On Disney’s Q4 earnings call in November, CEO Bob Iger said the company was “heartened” that cable subscriber losses weren’t as steep as in prior quarters. However, Nielsen’s December cable carriage estimates suggest ESPN is still losing subscribers at a comparable rate to what we’ve seen before, thanks to a big November to December plunge.
Sports TV Ratings has posted the November to December numbers here, and previously posted the August numbers here; here’s a table combining that information (all numbers in 000s) for English-language sports networks.
So, ESPN dropped 100,000 subscribers from November to December and 274,000 from August to December. And they’d previously dropped 220,000 from March to August, and 422,000 from February to March. Back in February, ESPN was in an estimated 87,859,000 homes, so they’ve lost an estimated 916,000 homes this year. And that wouldn’t seem particularly seasonal, as many of ESPN’s biggest properties (in particular, the NFL, college football, and the NBA) are all ongoing right now.
Now, it should be noted that this is an estimate only, and ESPN has disputed Nielsen coverage estimates before. Also, this estimate doesn’t completely include digital streaming bundles like SlingTV and DirecTV Now, with only 111 households with those digital multichannel video programming distributors (MVPDs) in the total sample (around 40,000 households) as of December, and Iger mentioned “a nice pickup in subs” on that side in November. ESPN has said they make just as much money per subscriber from deals with digital MVPDs as traditional cable or satellite companies, and that those companies are a key part of their strategy, so the actual numbers may look better for them than the Nielsen estimates. But these Nielsen estimates suggest that the trend of declining traditional subscribers to ESPN is continuing. And that’s not just about the main channel; it’s also notable to see how hard ESPNU has been hit.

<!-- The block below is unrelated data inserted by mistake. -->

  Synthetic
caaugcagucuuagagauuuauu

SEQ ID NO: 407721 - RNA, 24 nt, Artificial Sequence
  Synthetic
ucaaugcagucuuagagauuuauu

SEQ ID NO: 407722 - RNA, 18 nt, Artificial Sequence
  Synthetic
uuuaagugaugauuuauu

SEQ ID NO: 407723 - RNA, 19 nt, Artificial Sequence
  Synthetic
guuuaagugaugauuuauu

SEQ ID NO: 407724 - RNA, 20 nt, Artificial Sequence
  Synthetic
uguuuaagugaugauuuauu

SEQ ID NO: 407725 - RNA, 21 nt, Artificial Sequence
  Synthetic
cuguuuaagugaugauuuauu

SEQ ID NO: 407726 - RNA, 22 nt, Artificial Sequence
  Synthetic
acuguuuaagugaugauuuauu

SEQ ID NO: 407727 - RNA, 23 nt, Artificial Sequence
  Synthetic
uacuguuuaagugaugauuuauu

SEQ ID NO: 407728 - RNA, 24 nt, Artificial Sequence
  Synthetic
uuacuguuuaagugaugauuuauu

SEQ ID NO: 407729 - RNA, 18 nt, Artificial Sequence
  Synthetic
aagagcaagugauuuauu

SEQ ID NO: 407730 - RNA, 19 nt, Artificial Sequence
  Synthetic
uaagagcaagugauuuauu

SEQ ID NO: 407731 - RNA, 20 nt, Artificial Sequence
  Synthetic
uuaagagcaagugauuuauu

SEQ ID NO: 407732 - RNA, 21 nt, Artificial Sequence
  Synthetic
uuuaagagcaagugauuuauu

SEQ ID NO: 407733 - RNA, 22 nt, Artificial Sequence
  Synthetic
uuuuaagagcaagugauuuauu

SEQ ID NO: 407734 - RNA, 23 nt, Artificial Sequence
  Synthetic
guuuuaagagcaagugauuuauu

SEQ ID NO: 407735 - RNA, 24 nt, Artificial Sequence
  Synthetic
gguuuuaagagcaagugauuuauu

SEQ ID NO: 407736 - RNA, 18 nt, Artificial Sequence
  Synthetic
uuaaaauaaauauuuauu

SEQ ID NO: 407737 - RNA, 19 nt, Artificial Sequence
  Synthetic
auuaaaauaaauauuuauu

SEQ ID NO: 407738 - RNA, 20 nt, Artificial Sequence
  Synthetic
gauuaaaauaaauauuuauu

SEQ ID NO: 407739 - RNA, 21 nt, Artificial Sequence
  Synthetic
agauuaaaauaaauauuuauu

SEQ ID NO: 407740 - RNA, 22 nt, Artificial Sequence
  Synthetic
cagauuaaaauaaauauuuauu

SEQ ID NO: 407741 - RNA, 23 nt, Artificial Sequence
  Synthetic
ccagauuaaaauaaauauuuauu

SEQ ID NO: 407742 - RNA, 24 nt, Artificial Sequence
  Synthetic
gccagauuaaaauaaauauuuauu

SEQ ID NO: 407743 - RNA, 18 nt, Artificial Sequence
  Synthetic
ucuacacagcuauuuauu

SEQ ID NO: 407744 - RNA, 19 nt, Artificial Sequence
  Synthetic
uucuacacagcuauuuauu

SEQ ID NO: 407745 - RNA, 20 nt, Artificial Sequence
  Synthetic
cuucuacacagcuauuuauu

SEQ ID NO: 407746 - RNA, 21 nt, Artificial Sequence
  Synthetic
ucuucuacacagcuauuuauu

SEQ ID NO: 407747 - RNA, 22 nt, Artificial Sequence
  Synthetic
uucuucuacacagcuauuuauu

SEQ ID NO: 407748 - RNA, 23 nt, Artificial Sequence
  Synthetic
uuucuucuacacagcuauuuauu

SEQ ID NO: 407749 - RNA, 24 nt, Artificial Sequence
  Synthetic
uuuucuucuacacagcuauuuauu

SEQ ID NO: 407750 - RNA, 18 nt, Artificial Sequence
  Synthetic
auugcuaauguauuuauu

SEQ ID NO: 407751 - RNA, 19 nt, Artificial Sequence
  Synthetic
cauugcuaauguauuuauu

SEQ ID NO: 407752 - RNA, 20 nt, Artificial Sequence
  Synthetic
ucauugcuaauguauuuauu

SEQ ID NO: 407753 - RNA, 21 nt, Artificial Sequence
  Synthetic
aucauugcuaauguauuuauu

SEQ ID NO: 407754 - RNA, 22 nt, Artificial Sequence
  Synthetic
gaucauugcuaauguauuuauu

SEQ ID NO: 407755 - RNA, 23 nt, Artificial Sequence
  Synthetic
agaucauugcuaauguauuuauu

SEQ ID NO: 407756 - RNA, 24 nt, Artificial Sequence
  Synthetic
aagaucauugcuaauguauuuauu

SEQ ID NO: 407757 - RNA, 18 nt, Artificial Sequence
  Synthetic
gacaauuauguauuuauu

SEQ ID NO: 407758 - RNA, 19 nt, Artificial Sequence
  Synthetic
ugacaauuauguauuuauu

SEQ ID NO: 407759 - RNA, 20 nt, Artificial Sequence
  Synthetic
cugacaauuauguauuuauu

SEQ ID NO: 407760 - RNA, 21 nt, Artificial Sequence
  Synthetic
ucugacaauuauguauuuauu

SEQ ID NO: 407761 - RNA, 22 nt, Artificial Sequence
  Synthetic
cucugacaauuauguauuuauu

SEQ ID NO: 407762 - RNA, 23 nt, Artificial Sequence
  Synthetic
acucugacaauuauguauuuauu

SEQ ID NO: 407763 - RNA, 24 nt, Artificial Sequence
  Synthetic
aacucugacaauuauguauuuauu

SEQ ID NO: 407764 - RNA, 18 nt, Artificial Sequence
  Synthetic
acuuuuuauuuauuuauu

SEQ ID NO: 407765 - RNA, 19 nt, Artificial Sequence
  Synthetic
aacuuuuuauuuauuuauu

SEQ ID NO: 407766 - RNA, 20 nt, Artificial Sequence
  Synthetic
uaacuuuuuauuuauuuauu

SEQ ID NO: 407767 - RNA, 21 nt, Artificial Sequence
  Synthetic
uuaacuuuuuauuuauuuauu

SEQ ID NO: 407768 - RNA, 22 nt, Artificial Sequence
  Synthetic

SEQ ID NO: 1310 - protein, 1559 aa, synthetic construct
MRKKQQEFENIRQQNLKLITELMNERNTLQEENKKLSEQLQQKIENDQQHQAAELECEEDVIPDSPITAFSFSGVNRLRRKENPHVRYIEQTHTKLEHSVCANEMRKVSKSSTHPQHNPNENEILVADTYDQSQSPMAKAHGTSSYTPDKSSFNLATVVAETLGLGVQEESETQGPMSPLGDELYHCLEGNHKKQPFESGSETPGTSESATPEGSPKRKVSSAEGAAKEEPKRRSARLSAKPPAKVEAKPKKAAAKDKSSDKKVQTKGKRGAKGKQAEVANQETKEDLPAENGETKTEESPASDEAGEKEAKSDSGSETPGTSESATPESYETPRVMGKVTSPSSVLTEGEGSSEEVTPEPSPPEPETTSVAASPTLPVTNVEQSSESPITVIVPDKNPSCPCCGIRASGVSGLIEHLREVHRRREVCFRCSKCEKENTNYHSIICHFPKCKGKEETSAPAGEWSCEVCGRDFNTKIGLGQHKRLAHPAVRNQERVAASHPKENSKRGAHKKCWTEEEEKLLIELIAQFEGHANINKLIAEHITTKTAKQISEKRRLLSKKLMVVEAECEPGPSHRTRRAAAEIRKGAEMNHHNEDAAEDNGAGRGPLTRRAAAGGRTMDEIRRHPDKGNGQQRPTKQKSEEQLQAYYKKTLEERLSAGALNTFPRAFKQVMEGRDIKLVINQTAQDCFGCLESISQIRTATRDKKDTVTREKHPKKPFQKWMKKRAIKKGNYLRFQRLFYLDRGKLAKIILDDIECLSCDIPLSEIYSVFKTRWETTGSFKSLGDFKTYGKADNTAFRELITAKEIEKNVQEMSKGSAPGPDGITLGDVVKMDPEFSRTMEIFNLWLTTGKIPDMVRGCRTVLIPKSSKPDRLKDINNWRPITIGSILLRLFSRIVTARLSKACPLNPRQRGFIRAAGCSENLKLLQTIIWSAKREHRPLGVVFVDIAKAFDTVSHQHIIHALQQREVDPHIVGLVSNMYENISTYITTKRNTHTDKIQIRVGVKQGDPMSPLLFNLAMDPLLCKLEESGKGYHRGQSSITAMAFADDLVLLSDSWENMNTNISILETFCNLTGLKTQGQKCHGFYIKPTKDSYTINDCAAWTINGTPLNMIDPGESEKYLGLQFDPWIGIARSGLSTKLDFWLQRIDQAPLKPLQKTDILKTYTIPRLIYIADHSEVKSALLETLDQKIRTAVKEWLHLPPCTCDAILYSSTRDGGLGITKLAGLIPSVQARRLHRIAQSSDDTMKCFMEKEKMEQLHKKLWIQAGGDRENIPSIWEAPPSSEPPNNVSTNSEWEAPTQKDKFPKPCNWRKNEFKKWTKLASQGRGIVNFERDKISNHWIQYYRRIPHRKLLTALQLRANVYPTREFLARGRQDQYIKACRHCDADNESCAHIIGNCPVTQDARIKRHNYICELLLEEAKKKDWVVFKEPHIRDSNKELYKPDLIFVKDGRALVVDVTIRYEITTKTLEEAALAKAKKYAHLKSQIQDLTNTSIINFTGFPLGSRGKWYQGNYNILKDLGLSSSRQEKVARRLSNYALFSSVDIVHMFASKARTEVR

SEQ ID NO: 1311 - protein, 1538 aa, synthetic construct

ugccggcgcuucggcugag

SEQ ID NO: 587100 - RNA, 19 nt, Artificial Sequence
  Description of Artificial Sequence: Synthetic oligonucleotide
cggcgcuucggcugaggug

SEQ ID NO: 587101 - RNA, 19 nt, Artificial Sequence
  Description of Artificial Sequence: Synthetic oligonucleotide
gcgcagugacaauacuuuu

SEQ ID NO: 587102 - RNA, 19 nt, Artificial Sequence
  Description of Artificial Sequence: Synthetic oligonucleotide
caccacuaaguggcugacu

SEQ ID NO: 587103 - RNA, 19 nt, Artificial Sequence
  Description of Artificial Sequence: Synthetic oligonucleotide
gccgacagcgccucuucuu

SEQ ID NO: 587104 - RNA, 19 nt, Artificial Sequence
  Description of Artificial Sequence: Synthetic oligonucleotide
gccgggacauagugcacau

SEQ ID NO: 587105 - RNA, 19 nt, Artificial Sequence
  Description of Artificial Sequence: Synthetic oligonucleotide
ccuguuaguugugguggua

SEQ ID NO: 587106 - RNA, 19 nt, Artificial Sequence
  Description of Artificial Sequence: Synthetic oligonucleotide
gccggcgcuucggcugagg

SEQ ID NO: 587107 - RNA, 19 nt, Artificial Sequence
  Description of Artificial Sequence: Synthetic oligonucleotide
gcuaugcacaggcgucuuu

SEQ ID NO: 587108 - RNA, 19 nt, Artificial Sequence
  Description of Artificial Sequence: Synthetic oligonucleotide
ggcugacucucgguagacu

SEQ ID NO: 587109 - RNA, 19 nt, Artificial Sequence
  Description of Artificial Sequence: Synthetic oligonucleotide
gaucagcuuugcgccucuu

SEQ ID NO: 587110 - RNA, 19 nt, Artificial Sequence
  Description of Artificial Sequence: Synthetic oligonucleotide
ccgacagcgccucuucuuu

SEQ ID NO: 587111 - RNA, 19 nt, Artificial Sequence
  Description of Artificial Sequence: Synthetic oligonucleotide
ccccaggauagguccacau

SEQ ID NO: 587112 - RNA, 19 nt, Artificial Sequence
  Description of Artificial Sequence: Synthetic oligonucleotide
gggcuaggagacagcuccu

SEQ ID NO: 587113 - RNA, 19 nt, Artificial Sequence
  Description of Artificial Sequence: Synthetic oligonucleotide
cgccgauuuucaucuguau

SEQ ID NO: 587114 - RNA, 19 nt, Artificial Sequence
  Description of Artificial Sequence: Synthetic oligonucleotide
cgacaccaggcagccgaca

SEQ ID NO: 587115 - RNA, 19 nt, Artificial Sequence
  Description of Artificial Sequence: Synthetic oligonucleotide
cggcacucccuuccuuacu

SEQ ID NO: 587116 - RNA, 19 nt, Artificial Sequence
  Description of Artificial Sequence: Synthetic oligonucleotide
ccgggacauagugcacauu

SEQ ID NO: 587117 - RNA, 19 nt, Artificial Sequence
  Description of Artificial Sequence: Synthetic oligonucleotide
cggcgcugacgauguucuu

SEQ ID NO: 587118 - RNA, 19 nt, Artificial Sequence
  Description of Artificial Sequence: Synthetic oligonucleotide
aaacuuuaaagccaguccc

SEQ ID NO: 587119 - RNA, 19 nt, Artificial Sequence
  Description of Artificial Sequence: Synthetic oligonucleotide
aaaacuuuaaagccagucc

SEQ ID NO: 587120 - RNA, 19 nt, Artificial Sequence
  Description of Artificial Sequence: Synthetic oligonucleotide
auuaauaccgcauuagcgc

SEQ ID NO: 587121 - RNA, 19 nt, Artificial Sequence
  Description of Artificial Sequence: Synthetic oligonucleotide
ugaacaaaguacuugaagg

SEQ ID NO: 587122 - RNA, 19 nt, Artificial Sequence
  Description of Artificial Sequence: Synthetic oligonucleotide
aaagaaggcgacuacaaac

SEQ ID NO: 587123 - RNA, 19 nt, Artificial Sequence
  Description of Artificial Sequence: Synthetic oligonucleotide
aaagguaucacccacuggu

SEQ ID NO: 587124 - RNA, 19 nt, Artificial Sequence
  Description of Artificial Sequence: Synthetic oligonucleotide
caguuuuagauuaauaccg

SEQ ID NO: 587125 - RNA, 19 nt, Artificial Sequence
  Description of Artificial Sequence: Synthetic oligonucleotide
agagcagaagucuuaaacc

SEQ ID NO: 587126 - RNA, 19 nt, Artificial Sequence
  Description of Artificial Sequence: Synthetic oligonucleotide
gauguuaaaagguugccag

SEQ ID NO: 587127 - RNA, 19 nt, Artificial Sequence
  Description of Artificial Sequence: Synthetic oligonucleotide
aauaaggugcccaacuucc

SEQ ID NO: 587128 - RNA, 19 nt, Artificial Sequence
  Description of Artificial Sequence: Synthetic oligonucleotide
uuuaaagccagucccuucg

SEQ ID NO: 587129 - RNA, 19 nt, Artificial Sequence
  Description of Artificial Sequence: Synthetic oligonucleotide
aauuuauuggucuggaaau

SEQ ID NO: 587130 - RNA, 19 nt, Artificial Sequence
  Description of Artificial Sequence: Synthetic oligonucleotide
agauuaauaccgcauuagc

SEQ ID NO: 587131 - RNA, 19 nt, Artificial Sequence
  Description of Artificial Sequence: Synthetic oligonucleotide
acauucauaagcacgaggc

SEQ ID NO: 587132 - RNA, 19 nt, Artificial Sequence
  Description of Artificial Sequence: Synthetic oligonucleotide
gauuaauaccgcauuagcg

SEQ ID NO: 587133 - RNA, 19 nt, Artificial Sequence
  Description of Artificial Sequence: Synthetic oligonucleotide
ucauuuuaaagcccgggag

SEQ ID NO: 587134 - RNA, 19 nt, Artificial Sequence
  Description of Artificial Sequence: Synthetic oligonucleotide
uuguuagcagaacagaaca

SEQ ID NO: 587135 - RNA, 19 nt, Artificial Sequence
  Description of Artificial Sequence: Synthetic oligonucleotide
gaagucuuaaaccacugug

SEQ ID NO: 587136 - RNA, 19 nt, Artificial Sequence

As for FS1, their November to December trend (-199,000 subscribers) is worrying, but they’re still up by 93,000 versus August. They’re down big on the year, though, thanks to a loss of 565,000 subscribers from February to March. FS1 had an estimated 85,269,000 subscribers in February, so they’re down 775,000 since then. That’s not quite as much as ESPN, but it’s not far behind, and it’s notable that there’s still a significant gap (2,429,000) between the total subscribers for ESPN and FS1, and that gap hasn’t narrowed much from the 2,590,000 it stood at in February.
A few other takeaways here; NFL Network’s down month-to-month but up big since August (unsurprising, as some people likely only subscribe to it once the season starts), Golf Channel and NBA TV are down big since August, and TNT has seen a significant loss since August (interesting considering that the NBA season is now well underway). And the Sportsman Channel (the Stan Kroenke-owned hunting and fishing network) has been hit particularly hard.
In general, it’s not a great time for cable sports networks. That’s part of the decreasing cable universe overall, and as aforementioned, it doesn’t really fully consider gains they say they’re making on the streaming-bundle side. But there are still plenty of subscriber loss worries for sports networks, including ESPN and FS1.